> In Tomek’s mail he mentioned logging information similar to that from ISC DHCP.  There
> are three useful notes to consider.
> 1) There may be a couple of items to add in some of the
> messages.  Sadly I don’t recall them offhand but there were a couple of them where you
> couldn’t tell quite what had happened from the message.
> 2) we may wish to make some of
> them more or less visible (possibly by use of log level).  With the current code we can get
> rather large log files fairly quickly on a busy system, if Kea does get much better performance
> this will be much worse.  Trying to notice “interesting” items within a large log file can be
> difficult.  Yes you can search for things such as DHCPINFORM if you know that your
> enterprise doesn’t use that but if we can provide a good way to stress odd items people
> would probably like that.

Kea uses multiple logging levels. The default logging level is usually 
INFORM. On this level we will not log any messages on per packet basis, 
e.g. "received DHCPINFORM from X via Y". Such messages would be logged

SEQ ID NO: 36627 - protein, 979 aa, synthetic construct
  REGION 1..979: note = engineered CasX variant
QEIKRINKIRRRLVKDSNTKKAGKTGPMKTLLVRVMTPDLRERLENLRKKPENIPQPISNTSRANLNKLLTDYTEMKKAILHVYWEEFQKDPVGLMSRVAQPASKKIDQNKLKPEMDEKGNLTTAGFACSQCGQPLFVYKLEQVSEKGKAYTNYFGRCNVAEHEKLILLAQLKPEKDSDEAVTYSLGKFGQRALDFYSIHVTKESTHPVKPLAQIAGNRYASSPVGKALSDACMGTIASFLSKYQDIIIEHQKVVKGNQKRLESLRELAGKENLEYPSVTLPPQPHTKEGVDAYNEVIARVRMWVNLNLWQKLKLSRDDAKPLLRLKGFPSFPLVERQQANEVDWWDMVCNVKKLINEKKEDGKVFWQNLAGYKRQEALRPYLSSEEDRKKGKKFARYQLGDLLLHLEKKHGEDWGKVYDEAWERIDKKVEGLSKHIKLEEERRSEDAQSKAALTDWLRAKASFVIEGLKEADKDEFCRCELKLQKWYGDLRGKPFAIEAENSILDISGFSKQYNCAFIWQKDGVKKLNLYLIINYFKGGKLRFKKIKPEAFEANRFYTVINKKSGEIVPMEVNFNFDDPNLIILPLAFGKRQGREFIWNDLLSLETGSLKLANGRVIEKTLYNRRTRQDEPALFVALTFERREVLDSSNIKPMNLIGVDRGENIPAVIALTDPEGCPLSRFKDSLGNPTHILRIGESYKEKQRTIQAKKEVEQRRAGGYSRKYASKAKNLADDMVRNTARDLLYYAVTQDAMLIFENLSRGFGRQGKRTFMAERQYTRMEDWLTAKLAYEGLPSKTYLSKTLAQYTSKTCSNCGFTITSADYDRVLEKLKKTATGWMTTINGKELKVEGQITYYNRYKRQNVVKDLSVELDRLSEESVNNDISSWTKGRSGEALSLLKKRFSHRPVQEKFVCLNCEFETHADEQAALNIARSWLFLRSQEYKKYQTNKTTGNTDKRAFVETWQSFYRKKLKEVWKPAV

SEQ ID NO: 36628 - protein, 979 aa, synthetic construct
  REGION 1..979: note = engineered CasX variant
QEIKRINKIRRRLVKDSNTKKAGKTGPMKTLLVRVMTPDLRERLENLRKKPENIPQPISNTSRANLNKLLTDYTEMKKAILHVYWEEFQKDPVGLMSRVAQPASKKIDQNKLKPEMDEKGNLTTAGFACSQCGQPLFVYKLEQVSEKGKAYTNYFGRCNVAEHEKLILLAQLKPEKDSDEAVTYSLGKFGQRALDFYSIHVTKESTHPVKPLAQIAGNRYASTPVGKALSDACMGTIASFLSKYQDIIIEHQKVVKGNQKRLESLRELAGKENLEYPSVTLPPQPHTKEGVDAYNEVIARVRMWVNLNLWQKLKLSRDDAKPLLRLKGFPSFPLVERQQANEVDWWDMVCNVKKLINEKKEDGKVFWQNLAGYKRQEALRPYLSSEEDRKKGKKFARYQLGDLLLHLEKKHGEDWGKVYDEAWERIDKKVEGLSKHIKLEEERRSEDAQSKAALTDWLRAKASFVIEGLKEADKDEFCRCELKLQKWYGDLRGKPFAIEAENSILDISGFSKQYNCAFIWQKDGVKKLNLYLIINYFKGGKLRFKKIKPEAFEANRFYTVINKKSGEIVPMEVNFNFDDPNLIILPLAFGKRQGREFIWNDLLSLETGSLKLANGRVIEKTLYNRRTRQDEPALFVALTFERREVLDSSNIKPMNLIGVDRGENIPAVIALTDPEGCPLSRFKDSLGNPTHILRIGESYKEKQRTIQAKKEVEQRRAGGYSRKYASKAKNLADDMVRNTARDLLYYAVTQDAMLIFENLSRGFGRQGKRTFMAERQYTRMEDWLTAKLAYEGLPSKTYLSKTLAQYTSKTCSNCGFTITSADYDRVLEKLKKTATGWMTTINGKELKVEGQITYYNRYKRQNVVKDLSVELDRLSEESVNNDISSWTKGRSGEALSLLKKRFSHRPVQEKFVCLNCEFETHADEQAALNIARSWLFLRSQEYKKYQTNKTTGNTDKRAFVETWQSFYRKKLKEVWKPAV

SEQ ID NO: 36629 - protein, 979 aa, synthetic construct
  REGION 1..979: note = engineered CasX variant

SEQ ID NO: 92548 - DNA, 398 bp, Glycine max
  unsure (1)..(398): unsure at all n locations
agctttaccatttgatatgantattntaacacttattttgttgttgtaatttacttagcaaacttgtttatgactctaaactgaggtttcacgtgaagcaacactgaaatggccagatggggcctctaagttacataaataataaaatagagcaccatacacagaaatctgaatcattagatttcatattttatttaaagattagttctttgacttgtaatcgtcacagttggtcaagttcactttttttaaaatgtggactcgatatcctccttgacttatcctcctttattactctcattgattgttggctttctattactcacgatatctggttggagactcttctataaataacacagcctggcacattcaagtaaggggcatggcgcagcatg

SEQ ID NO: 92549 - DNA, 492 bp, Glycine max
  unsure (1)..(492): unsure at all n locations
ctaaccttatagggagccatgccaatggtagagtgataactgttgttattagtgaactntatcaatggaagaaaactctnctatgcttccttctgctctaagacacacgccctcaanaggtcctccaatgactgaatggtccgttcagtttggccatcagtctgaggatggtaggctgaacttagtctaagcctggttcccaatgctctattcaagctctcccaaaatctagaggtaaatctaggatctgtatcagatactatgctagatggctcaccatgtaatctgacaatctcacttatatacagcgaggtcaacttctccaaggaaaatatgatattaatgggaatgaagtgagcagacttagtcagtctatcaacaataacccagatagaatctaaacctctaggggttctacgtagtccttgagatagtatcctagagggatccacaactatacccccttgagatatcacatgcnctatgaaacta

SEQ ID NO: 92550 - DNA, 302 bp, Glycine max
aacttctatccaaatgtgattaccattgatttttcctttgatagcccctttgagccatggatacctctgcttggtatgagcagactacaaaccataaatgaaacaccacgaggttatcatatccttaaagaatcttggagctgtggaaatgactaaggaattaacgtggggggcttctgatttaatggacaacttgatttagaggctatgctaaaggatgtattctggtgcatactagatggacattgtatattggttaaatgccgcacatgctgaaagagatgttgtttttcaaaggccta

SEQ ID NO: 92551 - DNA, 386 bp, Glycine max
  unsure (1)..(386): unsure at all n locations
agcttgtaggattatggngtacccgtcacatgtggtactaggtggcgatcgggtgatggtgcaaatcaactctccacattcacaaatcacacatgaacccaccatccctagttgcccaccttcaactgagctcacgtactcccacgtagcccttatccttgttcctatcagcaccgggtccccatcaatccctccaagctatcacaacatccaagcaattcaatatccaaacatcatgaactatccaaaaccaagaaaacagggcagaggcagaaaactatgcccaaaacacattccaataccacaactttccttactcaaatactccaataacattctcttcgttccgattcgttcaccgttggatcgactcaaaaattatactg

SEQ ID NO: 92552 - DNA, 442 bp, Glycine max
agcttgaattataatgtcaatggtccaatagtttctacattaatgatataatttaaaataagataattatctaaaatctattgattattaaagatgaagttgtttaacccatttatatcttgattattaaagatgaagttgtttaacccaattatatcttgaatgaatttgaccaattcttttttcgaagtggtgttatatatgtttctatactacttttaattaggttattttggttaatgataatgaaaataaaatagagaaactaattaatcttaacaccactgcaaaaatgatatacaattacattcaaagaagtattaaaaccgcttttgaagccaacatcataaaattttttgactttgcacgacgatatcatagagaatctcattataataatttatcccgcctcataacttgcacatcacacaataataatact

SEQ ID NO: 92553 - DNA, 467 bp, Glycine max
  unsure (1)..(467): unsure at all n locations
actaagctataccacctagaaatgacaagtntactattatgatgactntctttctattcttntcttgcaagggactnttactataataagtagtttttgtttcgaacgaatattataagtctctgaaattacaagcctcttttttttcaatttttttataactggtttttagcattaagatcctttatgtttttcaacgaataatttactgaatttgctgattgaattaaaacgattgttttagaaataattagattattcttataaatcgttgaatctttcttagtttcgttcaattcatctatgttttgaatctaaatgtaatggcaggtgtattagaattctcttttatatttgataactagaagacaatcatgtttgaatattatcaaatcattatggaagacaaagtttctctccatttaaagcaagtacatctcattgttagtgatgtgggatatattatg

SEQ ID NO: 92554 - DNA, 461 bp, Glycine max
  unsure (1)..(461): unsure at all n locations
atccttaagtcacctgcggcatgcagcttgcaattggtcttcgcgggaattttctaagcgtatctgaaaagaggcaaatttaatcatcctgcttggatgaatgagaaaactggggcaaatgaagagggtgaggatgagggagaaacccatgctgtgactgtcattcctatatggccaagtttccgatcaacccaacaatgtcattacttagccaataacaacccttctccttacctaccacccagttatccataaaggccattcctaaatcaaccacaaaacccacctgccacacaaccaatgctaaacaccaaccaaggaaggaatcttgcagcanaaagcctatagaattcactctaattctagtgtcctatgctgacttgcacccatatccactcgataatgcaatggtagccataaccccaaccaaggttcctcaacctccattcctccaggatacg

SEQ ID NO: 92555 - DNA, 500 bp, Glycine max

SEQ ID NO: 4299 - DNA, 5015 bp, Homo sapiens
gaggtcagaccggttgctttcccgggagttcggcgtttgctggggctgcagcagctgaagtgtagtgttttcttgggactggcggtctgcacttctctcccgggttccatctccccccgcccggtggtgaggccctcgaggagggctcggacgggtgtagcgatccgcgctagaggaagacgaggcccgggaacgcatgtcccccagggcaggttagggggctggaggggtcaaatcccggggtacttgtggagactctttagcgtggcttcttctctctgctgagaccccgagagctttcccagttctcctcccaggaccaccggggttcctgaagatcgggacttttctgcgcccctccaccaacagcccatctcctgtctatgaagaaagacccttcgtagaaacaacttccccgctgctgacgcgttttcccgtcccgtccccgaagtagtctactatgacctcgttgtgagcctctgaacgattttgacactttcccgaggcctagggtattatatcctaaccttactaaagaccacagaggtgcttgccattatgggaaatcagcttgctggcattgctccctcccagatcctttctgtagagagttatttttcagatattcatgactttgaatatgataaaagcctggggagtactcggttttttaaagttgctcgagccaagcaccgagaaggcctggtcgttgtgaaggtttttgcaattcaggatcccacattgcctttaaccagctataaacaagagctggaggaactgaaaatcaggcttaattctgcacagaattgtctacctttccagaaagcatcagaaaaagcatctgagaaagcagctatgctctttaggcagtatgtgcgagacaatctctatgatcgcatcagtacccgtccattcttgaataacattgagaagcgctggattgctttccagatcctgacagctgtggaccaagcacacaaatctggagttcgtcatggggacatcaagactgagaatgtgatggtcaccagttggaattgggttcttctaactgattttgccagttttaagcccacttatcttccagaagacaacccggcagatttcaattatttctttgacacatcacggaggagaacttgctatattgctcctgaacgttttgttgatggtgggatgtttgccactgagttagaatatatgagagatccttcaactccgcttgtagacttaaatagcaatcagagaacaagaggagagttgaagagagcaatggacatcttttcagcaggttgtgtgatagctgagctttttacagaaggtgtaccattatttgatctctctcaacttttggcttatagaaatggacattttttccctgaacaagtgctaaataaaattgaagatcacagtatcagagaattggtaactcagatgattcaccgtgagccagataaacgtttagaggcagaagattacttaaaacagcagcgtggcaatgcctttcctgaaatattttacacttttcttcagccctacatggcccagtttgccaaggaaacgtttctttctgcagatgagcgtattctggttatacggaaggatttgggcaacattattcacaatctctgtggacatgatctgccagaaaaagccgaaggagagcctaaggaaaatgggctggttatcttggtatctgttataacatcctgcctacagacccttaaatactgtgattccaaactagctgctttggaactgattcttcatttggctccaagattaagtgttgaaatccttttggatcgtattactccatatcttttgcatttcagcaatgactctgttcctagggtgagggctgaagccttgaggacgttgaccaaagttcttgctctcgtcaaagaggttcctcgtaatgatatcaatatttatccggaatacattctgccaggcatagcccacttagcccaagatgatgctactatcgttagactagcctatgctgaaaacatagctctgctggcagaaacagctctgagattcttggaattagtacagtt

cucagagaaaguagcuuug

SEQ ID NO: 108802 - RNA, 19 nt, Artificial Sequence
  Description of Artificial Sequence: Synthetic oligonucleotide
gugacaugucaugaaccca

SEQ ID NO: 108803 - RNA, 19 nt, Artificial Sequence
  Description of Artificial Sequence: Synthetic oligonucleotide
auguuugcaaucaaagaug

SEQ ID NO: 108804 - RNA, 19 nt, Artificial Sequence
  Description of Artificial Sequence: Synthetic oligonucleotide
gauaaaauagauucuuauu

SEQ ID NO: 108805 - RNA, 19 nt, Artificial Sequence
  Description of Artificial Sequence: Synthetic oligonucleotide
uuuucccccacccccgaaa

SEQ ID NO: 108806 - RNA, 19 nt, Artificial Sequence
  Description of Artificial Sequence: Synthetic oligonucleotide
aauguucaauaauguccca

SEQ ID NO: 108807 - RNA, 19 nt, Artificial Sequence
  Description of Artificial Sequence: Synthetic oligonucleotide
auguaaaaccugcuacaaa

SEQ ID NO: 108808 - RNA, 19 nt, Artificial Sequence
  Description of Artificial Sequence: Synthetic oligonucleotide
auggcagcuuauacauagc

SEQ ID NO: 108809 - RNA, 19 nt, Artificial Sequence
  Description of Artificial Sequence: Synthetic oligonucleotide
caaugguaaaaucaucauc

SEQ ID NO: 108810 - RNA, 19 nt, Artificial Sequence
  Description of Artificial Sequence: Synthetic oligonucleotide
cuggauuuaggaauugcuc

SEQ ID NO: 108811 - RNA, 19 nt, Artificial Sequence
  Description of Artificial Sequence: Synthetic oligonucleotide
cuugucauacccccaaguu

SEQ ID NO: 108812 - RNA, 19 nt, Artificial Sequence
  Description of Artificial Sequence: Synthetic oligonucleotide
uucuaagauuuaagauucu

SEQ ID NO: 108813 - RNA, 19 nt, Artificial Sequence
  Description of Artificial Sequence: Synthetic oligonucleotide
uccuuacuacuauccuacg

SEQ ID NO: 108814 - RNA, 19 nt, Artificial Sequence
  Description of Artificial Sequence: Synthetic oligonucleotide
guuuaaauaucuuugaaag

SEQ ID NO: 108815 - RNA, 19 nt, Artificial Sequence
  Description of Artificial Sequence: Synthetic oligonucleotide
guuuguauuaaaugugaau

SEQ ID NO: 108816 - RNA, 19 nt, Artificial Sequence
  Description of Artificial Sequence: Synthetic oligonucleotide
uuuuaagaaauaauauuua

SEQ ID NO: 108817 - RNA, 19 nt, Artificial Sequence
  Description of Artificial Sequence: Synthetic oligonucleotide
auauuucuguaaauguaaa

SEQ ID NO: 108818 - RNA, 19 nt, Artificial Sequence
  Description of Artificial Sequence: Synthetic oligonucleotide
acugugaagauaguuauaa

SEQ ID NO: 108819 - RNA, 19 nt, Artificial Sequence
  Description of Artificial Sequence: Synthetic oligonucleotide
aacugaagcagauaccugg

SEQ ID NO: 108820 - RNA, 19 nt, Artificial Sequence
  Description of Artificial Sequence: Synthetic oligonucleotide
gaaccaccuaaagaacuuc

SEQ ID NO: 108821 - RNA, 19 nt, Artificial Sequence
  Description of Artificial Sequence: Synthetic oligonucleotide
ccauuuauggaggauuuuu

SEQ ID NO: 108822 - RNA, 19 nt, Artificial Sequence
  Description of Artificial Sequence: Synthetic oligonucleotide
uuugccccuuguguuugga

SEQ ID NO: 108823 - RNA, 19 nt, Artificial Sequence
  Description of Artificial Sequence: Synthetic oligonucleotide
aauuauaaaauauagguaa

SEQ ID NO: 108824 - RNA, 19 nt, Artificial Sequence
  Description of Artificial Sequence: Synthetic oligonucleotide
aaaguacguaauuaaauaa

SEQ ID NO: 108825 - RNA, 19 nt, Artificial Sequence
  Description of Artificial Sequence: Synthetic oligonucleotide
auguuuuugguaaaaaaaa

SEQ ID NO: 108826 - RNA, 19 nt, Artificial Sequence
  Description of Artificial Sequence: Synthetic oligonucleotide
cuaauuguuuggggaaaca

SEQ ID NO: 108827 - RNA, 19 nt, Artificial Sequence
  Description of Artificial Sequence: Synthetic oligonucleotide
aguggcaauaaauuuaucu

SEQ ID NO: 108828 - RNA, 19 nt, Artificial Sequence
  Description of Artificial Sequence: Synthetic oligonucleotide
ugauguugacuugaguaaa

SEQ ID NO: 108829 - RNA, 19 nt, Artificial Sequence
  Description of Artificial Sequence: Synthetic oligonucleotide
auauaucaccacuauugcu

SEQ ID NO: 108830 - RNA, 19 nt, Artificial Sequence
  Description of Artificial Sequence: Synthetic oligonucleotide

on the DEBUG level. The DEBUG severity is associated with the debuglevel 
value ranging from 0 .. 99. So, it is possible to differentiate the 
logging messages by the debuglevel. I presume that we will make use of 
that mechanism heavily.

> 3) With ISC DHCP many people use scripts to review their log
> files.  We try hard not to change the log entries once we have started using them to avoid
> breaking existing scripts.  It would be best if we decide on the structure and format of
> these log entries for Kea by 1.0 and don’t change them thereafter.  Also providing a good
> description of them in the docs would probably be appreciated.

I agree with this. But, there may be issues with this when we migrate to 
the multi-threaded/process model. But, I think it is whole a different